IMF prescriptions hurting Malawi: Congoma says economy heading towards its deathbed

President Banda greets Chair of CONGOMA Voice Mhone at Labour Day celebrations

President Banda greets Chair of CONGOMA Voice Mhone at Labour Day celebrations

The Council for Non-Governmental Organisations in Malawi (Congoma) on Wednesday said  International Monetary Fund (IMF) prescriptions  imposed on Malawi such as  a combined dose of 49 percent currency devaluation; floatation of the kwacha and removal of subsidies of fuels is hurting Malawians.

Congoma board chairperson Voice Mhone accused President Joyce Banda for implementing in full a set of the IMF harmful conditions.

Mhone was speaking in his solidarity statement at the commemoration of the May 1 Labour Day Celebration in Malawi’s commercial city of Blantyre, which President Banda attended.

He said workers in Malawi are toiling in vain because their income does not match the cost of living.

“Simply put, your Excellency [Pres Banda], looking into the bible what a casual laborer is going through today is very similar to what happened in Egypt where Israelites had their workload doubled, but for the same pay. Your people are really toiling in vain,” said Mhone   as the President took down notes.

Congoma boss said following the economic shocks Malawians have been subjected to, President Banda’s government should take the blame for its decision to adopt a full set of IMF prescriptions without assessing their implications for a common Malawian and the economy.

“Much that we needed to embark on these reforms It was not necessary for your government to implement them in a combined dose of a 50 percent currency devaluation; floatation of the Kwacha and removal of subsidies on fuels; the shock created by that move is too much for an average Malawian to absorb, especially where your Government failed to put in place social protection policy ahead of the reforms,” said Mhone.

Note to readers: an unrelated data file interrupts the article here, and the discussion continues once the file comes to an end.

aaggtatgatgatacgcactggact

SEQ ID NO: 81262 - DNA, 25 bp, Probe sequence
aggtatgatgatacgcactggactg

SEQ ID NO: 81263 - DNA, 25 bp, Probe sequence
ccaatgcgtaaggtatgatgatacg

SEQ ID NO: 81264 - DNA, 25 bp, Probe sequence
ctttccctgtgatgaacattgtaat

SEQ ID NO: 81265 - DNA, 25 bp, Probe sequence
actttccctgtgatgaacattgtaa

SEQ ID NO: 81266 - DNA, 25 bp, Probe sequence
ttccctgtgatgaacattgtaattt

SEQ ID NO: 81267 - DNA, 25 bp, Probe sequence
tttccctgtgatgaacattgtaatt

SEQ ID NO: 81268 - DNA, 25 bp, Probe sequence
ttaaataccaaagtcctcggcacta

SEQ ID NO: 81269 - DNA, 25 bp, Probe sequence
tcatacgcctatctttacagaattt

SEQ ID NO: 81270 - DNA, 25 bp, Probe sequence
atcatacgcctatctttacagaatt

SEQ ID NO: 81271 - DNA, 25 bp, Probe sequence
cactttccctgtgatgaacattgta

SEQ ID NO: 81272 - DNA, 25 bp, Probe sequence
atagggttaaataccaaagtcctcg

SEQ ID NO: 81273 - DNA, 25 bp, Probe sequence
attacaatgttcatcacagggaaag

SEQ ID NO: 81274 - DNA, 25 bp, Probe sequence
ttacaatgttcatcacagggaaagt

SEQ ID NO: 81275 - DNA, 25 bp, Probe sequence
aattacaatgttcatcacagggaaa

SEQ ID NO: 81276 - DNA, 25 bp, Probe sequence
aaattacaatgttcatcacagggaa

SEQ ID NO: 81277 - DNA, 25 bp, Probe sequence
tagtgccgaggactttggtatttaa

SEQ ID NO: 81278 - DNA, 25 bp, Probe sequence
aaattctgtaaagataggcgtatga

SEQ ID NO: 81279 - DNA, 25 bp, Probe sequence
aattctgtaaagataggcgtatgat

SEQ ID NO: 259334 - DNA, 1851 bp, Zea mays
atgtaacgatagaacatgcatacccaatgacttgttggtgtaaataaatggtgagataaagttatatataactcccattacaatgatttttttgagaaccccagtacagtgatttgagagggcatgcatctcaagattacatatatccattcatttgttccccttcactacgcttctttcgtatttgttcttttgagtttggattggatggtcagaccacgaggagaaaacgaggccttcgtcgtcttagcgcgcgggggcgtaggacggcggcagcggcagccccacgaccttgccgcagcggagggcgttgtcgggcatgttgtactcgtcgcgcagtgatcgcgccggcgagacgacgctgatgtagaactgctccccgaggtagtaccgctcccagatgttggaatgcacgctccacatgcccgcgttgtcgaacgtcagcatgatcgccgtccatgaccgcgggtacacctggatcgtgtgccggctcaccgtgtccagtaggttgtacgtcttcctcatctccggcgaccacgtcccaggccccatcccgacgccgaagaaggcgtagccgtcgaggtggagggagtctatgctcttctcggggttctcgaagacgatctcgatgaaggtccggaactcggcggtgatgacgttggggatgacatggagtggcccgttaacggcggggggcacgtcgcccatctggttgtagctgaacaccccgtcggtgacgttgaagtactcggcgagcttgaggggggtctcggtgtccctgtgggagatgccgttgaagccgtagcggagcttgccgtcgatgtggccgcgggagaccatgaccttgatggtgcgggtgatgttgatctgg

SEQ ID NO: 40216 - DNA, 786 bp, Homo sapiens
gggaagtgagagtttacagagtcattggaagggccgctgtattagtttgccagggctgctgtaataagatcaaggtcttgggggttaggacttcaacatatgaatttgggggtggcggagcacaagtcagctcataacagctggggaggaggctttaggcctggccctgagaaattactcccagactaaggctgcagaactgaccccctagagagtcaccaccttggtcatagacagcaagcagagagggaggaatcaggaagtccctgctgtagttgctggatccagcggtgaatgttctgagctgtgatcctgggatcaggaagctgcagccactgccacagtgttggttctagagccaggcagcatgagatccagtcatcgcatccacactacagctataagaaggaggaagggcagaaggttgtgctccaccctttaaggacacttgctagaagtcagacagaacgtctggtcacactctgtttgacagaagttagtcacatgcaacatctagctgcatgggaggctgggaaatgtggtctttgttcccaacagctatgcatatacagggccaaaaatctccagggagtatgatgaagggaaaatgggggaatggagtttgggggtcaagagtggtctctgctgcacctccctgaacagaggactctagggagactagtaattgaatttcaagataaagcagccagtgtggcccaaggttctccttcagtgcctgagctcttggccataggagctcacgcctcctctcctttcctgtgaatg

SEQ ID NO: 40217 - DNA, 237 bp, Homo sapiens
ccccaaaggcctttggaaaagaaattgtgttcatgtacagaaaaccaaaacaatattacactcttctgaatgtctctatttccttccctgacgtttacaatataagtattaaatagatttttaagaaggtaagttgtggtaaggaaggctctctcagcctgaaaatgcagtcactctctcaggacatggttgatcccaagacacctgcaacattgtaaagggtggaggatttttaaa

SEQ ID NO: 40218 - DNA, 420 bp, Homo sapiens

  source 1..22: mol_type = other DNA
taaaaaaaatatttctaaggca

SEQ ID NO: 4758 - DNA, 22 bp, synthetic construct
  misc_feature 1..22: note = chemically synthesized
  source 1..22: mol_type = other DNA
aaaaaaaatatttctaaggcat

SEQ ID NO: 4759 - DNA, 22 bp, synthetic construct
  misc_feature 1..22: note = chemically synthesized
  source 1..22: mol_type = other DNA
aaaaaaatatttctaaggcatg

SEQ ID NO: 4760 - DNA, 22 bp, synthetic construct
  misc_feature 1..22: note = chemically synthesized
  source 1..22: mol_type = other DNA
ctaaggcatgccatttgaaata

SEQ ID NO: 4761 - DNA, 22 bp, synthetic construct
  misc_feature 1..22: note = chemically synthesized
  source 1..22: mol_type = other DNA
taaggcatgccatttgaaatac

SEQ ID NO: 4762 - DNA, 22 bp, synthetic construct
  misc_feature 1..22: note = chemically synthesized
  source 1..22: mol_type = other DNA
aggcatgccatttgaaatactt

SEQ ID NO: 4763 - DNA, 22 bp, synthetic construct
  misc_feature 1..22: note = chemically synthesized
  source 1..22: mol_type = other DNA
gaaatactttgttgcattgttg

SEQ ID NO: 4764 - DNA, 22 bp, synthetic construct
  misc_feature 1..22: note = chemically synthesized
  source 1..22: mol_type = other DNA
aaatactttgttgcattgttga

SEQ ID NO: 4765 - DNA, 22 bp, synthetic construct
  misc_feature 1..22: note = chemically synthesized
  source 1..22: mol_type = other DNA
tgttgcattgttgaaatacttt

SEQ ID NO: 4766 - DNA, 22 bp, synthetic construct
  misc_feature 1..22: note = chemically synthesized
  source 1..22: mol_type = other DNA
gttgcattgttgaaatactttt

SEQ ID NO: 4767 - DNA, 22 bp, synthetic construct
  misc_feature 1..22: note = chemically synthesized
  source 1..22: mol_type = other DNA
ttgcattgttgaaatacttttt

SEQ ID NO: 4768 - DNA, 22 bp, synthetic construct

“Up to now there is no meaningful safety net mechanism in place to cushion them. No wonder this continues to be followed by demands for higher wages and public suffering and dissatisfaction.

“We are equally perplexed with the statics we get benefit from Reserve Bank. Our import bill is at $200m and export bill is at $30m and for the two to come to balance it will take ages,” he said.

Mhone pointed out that the time President Banda took over Government in April last year, the import cover was 1.8 months but a year there after it has gone further down to 1.2 months.

“Therefore the reforms your Government has embarked on are unattainable to poor countries like Malawi, unfortunately, it is the already squeezed workforce at grass root level who are taking the brunt,” said Mhone.

“[Pres. Banda] you may agree with us that too much quinine can kill and, honestly speaking, our economy has been overdosed such that it is heading towards deathbed if we still remain careless,” said Mhone.

He urged the President to seriously engage the IMF and provide mechanisms to cushion the poor or else Malawi should turn the tide on development partnership to the East such as China “where pain-inflicting conditionalities do not exist”.

Reacting to Mhone’s remarks, the President said there is nothing else her government could have done on IMF prescriptions but said the economy is slowly healing.

Banda said economy has started stabilizing and inflation, which had hit 37 percent, “has started declining.”

She vowed that her Government will “remain focused on the course we have taken until our economy has fully stabilised.”

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